That could be good news for the Green Bay Packers, who could field a potentially fearsome defense if they can find an impact outside linebacker to pair with Clay Matthews.
The 6-foot-3, 254-pound Wilson, who entered the draft following his junior season, is about as versatile as any linebacker prospect in this draft. A linebacker in the Bruins' 4-3 scheme, Ayers finished third for the Butkus Award, given annually to college football's best linebacker. He finished with four sacks, 10 tackles for losses, two interceptions, two forced fumbles and two fumble recoveries. In two seasons as a starter, he finished with 10 sacks, 24.5 TFLs and six interceptions — including two pick-sixes as a sophomore.
The Packers used one of their 60 formal interviews on Ayers at the Scouting Combine, he told Packer Report, and he could be a target with the 32nd overall pick of the draft in exactly eight weeks.
"I feel like I can adapt to any kind of defense, whether it's 4-3 or 3-4 because of my versatility playing defensive end in college and being a pass-rush linebacker," he said at the Combine. "I don't think fitting into any defense will be a problem."
Unlike most of the top 3-4 outside linebacker candidates in this draft, Ayers played linebacker in college. So, rather than trying to guess on whether a collegiate defensive end has the athletic ability and awareness to drop into coverage, scouts simply have to flip on the tape. In fact, Ayers covered more than he rushed during his two seasons as a starter.
"I definitely know I can cover well," he said. "Back in my college, our defensive scheme used me a lot in man coverage, whether it was covering a tight end or covering a running back. That's something I believe I do well.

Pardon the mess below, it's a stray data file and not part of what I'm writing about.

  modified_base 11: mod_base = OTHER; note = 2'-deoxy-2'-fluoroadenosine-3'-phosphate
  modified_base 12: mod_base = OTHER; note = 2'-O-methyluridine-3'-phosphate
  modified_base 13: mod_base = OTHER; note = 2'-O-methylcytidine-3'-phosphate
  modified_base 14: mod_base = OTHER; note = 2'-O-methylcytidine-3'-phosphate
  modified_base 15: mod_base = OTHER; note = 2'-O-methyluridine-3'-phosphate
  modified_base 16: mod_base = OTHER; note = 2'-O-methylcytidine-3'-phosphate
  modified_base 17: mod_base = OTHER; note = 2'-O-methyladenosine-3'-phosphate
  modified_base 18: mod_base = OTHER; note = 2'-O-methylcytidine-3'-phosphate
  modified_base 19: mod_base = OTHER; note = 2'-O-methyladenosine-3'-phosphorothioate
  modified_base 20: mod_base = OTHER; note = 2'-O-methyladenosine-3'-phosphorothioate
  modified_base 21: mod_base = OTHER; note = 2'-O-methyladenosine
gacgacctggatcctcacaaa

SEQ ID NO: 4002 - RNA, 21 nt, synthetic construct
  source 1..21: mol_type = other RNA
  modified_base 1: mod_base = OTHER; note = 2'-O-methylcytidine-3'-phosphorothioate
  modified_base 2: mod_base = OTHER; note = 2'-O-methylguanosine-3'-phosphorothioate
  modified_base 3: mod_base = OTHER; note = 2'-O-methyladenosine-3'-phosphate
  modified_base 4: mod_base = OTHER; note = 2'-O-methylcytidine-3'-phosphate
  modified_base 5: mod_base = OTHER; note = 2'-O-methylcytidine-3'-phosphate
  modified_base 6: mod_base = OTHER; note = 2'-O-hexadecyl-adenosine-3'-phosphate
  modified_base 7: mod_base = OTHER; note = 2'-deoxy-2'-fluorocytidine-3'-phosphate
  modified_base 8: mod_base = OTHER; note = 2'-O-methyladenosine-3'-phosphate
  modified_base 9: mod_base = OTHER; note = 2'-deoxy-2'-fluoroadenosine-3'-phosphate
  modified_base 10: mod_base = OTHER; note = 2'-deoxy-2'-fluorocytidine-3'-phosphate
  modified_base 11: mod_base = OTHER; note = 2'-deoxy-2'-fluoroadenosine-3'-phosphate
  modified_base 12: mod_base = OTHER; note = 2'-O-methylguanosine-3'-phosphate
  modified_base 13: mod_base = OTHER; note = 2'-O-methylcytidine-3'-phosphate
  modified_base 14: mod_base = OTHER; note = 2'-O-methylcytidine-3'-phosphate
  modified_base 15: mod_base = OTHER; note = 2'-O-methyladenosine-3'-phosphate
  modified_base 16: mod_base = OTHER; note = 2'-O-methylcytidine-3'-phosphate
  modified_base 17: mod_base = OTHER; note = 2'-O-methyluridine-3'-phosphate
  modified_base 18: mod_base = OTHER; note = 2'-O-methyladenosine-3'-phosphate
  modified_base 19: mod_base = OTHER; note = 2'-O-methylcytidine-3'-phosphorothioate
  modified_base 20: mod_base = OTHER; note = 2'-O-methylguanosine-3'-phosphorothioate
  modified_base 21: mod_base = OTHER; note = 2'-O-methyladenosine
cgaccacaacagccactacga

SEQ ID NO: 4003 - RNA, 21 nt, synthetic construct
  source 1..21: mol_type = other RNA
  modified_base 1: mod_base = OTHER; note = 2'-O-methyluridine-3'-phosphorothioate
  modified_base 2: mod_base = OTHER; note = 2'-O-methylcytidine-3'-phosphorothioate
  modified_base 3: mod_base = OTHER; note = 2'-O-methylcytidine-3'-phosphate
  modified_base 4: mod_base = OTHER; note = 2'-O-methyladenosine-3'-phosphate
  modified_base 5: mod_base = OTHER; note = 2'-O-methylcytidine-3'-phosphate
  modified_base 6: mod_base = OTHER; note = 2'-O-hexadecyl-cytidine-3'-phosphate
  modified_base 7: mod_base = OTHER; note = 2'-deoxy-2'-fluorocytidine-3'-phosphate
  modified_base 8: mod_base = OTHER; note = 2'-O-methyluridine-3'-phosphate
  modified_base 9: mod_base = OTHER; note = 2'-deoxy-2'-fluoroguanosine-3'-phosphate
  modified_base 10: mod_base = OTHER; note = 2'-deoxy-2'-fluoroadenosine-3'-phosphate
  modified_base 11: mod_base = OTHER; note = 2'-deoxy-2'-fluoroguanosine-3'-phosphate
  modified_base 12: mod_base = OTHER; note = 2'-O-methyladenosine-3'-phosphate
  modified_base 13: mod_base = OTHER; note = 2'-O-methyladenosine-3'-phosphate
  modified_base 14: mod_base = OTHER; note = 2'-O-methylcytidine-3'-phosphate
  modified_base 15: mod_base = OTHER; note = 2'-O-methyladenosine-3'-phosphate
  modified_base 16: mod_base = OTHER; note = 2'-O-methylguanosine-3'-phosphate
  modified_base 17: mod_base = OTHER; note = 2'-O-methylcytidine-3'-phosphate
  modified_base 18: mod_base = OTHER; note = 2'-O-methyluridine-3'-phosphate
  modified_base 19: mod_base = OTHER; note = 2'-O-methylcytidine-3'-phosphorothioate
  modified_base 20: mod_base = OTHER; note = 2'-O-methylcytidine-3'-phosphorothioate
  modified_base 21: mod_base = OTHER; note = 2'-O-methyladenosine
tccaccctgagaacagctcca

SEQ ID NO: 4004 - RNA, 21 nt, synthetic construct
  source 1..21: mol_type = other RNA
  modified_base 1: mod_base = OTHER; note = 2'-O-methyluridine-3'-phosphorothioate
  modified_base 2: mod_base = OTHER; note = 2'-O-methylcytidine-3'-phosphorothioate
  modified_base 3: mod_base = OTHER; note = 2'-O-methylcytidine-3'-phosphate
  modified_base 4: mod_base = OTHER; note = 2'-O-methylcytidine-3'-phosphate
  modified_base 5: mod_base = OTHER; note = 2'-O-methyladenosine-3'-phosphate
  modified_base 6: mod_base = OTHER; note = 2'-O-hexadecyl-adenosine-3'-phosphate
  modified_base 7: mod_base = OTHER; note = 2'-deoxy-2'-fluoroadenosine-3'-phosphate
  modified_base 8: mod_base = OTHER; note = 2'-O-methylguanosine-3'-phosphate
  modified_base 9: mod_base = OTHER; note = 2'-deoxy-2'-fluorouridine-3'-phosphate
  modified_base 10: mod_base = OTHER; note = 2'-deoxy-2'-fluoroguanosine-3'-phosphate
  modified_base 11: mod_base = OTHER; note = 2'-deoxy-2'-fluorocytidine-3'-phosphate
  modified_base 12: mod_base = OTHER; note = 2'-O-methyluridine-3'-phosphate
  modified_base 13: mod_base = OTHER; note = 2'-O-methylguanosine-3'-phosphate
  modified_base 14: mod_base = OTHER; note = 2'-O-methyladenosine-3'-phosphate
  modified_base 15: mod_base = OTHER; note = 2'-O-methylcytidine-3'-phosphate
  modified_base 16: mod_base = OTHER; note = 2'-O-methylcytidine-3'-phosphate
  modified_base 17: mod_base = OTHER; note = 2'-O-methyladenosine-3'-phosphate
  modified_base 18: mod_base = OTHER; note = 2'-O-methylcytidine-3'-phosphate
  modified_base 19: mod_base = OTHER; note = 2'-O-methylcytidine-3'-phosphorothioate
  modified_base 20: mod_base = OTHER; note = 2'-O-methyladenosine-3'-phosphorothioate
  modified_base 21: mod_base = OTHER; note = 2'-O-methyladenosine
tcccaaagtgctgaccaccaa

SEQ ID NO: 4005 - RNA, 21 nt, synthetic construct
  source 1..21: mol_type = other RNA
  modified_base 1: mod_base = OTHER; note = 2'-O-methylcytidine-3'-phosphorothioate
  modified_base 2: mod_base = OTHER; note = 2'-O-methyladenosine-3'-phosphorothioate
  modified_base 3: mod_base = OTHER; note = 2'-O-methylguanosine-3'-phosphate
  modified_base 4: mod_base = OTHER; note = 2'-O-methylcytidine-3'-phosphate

"I think I can be a great standing-up linebacker. I know I'm nowhere near reaching my peak. I've done a pretty good job rushing the passer over these past two seasons. I'm only going to get better. The sky's the limit for me as far as rushing the passer. And I'm going to get better in coverage."
Among Ayers' many accolades with the Bruins, one that makes him especially proud was being voted a team captain this past season despite being only a junior.
"Man, it just shows how your teammates look up to you and the type of player you are," Ayers said, calling himself a lead-by-example player because nobody would follow his words if he wasn't pushing himself through sprints or putting in the extra time necessary to be his best.
"We had a pretty young team but it told me how my teammates look up to me, and it made me want to work harder and made me want to be a better player for my teammates. I know that if I play well and I do the right things, that I can make the people around me better."
Ayers said the Ravens' Terrell Suggs is his favorite player because Suggs excels when lined up at linebacker, defensive end or even defensive tackle.
"I feel like I can do the same thing," he said.
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Bill Huber is publisher of Packer Report magazine and PackerReport.com and has written for Packer Report since 1997. E-mail him at firstname.lastname@example.org, or leave him a question in Packer Report's subscribers-only Packers Pro Club forum. Find Bill on Twitter at twitter.com/packerreport and Facebook under Bill Huber.